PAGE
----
Oakland plans to increase the number of dispensary permits from four to eight in 2012, a move that is sure to draw more attention to medical cannabis and the existing permit-holders in town. Of those, Harborside Health Center has its own Discovery Channel show, and Oaksterdam spinoff Coffeeshop Blue Sky operates under the imprimatur of Prop 19 backer Rich Lee.
But like Purple Heart Patient Center, the one-year-old Oakland Organics is a low-profile affair. Hiding in plain sight on Broadway at 7th Street, this understated club offers a chill, professional, bargain-hunting environment, complete with friendly staff, easy BART access, and the security of being located directly across the street from a police station. The dispensary doesn’t court press or advertise heavily, so it takes some work to piece together its story.
Oakland Organics stems from Santa Rosa dispensary Organicann, whose owner, Dona Frank, made headlines in 2010 with a dispute over the club’s permit. Frank bought the permit from the dispensary’s former owners, Steven and Stacy Petras, in 2009, but the transfer of what was once called Oakland Patient Center didn’t go smoothly, and they went to court.
The City of Oakland blocked the sale and revoked the permit in January 2010, but the dispensary continued to operate. In April 2010, the city threatened the facility’s landlord with $1,000-a-day fines. Frank sued to stop the fines and won, according to Organicann attorney Lisa Gygax. (Oakland Assistant to the City Administrator Arturo Sanchez confirmed that the issue was settled.) Since then, Organicann has made nary a peep, and that’s how they like it.
Legalization Nation had to drive by 705 Broadway twice to make sure it was the right place, as there’s almost no exterior signage on the corner building. The prominent Oakland Police Department station across the street offers the best landmark. Oakland Organics operates out of a cinderblock building camouflaged by a red, soot-covered awning.
Past the panhandlers, a parking lot, and a tattoo parlor, underneath the “705” address, there’s a small cannabis leaf in the deeply tinted window and some vaguely threatening signs about how customers should abstain from cellphone use indoors. Inside, behind the pitch-black tinted-glass door, sits an affable female receptionist behind a desk.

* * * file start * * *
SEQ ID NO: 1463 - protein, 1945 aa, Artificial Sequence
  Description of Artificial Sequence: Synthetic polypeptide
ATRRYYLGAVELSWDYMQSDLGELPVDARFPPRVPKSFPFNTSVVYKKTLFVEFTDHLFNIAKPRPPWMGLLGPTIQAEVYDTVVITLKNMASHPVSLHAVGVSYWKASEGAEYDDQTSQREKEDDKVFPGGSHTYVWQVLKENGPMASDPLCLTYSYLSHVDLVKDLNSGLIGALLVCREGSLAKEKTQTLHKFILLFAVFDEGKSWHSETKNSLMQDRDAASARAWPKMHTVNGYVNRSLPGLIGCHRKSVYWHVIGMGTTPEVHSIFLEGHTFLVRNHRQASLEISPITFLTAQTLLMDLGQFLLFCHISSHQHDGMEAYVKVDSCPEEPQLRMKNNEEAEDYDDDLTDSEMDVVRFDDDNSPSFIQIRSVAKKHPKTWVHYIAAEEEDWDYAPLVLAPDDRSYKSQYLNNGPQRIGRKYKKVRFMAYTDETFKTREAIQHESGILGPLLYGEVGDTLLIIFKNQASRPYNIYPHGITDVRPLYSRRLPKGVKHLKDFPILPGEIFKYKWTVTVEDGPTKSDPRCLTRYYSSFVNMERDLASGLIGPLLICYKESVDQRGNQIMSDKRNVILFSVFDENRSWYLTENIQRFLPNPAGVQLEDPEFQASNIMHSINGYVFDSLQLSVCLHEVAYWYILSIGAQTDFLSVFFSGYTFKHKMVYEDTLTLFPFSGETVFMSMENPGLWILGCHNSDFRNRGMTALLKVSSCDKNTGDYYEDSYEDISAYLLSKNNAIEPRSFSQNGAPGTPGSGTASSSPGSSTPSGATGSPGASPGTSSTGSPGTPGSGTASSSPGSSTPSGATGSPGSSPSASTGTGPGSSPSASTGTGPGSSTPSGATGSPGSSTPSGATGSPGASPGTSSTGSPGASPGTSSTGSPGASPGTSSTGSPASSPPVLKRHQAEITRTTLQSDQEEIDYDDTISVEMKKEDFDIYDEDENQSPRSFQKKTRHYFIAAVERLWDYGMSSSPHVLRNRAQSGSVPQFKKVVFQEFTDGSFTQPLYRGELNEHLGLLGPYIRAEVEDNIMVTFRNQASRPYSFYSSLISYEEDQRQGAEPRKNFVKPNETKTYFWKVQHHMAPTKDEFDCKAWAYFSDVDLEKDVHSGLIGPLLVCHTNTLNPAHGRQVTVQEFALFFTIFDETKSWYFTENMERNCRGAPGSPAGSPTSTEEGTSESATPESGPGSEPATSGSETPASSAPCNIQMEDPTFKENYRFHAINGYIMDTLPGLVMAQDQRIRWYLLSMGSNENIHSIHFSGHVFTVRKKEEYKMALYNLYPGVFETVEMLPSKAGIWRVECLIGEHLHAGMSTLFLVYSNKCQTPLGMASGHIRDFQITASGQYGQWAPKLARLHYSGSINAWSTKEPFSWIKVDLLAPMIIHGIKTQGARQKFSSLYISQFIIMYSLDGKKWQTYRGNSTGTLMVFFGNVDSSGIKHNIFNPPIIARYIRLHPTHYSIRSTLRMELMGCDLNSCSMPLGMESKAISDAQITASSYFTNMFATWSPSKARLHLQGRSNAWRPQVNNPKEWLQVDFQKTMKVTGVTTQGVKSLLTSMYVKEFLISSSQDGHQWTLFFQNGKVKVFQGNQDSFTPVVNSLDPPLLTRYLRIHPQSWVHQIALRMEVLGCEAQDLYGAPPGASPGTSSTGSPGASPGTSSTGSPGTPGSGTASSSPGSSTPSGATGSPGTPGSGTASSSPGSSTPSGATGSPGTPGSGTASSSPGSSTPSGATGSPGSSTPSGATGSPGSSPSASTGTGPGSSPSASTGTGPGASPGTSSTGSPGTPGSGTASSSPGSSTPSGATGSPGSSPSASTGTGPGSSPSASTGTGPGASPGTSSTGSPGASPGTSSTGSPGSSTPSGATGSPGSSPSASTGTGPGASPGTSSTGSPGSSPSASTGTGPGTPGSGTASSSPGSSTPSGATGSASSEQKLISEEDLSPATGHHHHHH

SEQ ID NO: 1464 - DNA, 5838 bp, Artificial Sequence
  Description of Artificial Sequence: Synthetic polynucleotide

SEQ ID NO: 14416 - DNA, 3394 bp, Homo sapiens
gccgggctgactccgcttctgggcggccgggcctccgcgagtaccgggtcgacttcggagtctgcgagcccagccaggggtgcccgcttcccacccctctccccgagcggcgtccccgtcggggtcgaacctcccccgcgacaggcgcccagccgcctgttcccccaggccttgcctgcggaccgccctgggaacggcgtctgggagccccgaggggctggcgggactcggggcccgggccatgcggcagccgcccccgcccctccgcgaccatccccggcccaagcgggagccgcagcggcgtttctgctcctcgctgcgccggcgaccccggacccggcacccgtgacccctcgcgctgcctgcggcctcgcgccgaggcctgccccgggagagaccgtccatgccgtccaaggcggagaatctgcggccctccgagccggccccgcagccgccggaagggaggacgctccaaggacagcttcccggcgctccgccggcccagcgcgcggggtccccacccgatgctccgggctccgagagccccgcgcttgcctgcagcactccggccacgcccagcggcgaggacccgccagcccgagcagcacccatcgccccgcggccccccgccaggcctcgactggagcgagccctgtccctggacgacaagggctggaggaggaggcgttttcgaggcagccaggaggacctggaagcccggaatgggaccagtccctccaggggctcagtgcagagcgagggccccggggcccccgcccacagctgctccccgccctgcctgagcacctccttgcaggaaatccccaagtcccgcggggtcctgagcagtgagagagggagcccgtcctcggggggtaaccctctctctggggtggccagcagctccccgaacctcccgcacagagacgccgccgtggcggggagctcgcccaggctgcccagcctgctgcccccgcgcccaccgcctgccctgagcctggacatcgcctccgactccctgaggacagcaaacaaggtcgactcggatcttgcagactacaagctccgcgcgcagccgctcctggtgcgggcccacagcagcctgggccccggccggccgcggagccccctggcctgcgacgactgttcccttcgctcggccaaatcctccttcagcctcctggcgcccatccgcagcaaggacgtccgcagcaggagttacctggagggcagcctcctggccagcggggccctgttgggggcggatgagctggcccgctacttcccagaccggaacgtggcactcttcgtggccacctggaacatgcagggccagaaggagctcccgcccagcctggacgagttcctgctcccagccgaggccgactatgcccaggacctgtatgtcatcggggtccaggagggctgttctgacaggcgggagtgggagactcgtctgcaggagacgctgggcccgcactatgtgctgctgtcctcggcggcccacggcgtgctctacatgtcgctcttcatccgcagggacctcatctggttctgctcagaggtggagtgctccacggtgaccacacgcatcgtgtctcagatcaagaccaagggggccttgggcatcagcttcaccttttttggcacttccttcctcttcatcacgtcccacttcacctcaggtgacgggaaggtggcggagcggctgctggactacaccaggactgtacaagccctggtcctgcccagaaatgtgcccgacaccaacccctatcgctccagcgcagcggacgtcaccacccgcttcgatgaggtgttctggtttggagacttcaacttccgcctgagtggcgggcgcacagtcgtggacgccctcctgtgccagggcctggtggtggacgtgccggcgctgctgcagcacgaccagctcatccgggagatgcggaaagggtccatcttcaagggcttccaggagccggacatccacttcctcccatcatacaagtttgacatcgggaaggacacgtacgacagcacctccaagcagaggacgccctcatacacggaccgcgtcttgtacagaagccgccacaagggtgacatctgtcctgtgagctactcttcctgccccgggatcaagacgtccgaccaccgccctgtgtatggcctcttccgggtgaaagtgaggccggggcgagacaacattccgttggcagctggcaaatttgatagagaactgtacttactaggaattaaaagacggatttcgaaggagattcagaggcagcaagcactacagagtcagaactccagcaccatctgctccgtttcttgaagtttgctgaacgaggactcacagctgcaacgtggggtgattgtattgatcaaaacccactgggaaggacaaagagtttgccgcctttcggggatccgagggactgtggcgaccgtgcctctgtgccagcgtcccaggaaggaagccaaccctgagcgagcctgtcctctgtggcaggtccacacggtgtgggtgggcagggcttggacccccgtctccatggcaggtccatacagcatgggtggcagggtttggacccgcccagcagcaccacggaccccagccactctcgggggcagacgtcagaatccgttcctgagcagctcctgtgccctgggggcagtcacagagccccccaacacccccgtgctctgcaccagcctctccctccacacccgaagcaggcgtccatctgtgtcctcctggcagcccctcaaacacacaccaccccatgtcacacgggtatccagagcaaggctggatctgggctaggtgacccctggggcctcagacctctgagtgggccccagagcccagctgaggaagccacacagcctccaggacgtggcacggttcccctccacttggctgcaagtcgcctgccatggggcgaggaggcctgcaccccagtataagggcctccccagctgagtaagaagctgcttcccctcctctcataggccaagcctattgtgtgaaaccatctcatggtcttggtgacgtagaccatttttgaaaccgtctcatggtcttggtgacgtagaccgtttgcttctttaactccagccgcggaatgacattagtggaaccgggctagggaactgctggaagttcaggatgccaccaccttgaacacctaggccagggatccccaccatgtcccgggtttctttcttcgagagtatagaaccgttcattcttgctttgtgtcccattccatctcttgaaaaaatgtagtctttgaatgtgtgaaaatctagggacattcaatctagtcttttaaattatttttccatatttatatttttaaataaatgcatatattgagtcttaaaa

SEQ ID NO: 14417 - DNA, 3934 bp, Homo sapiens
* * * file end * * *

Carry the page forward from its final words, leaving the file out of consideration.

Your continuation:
Classic rock plays in the small reception area. A Culture magazine poster and some jazzy, urban art covers the walls. New patients need a valid doctor’s recommendation and a state ID. Returning collective members need just the ID. Oakland Organics’ new-member intake lasts about ten minutes as club employees verify qualified patients and process a one-page form. Staff also takes a digital photograph of each new patient for the dispensary’s records.
Ten-percent-off coupon in hand, Legalization Nation got buzzed into the main room, a stylish contrast to the distressed neighborhood. Huge, black-tinted, plate-glass windows look out onto the bustling intersection, but pedestrians cannot see in. A long, wide, L-shaped bar dominates the space, and three large, wall-mounted menu boards across from the bar lay out Organics’ selection, grouped by price and type.
Bigger than Purple Heart but smaller than Harborside, Oakland Organics’ menu overwhelms. Good thing the place has little foot traffic. Bud tenders proved pleasant and knowledgeable, pointing out their prized new Platinum Kush and Sour Diesel.
For those exhausted by the OG Kush-Diesel regime, Oakland Organics really shines. Organicann’s site offers photos of all their cuts — like sativa-dominant hybrid Jack Herer. The stuff sparkles and smells like sweet candy; typical effects include a “focused, creative head, with a comfortable body. Strong, but not sleepy,” according to the menu.
Oakland Organics does its research, noting Jack’s heritage: Northern Lights No. 5, Shiva Skunk, and Haze. Pure Analytics potency testing indicates a strong 16.15 percent THC content.
The menu also has some real rarities: the award-winning Alpha Blue, a cross of Blue Dream and Sour Diesel; an extensive selection of Cheese kin like Cheeziel and Cheese Balls; CBD-strong Harlequin; and extensive Purples and offshoots like Blue Hawaiian.
The famed Strawberry Cough captures the senses, though. A mix of Haze and Vermont-bred Strawberry Fields, the strawberry-smelling, sativa-dominant hybrid’s effects are “heady and active,” Organics staff and others state. It also “alleviates depression” and makes one “giggly,” according to the menu. Sounds like the perfect counter to seasonal family angst. Sold.
Oakland Organics also offers discount 1/8ths for just $25, discounts for veterans every day, sales on edibles each Wednesday, and 10 percent discounts for students on Fridays. Professional yet subtle, Oakland Organics might not care for the limelight, but it’s a well-stocked shop that discerning patients should not overlook.
Seeds & Stems
A California ballot initiative to regulate medical cannabis statewide is ringing in the New Year, thanks to patient lobby group Americans for Safe Access and United Food and Commercial Workers Local 5. The two groups filed a request December 15 with the secretary of state to circulate for signature-gathering an initiative that would mandate at least one dispensary per fifty thousand people, and create a state “Bureau of Medical Marijuana Enforcement” to license growers and stores — similar to the system in Colorado.
Read the proposal online at the Legalization Nation blog. Follow our breaking tweets on Twitter at LegaliztionNatn.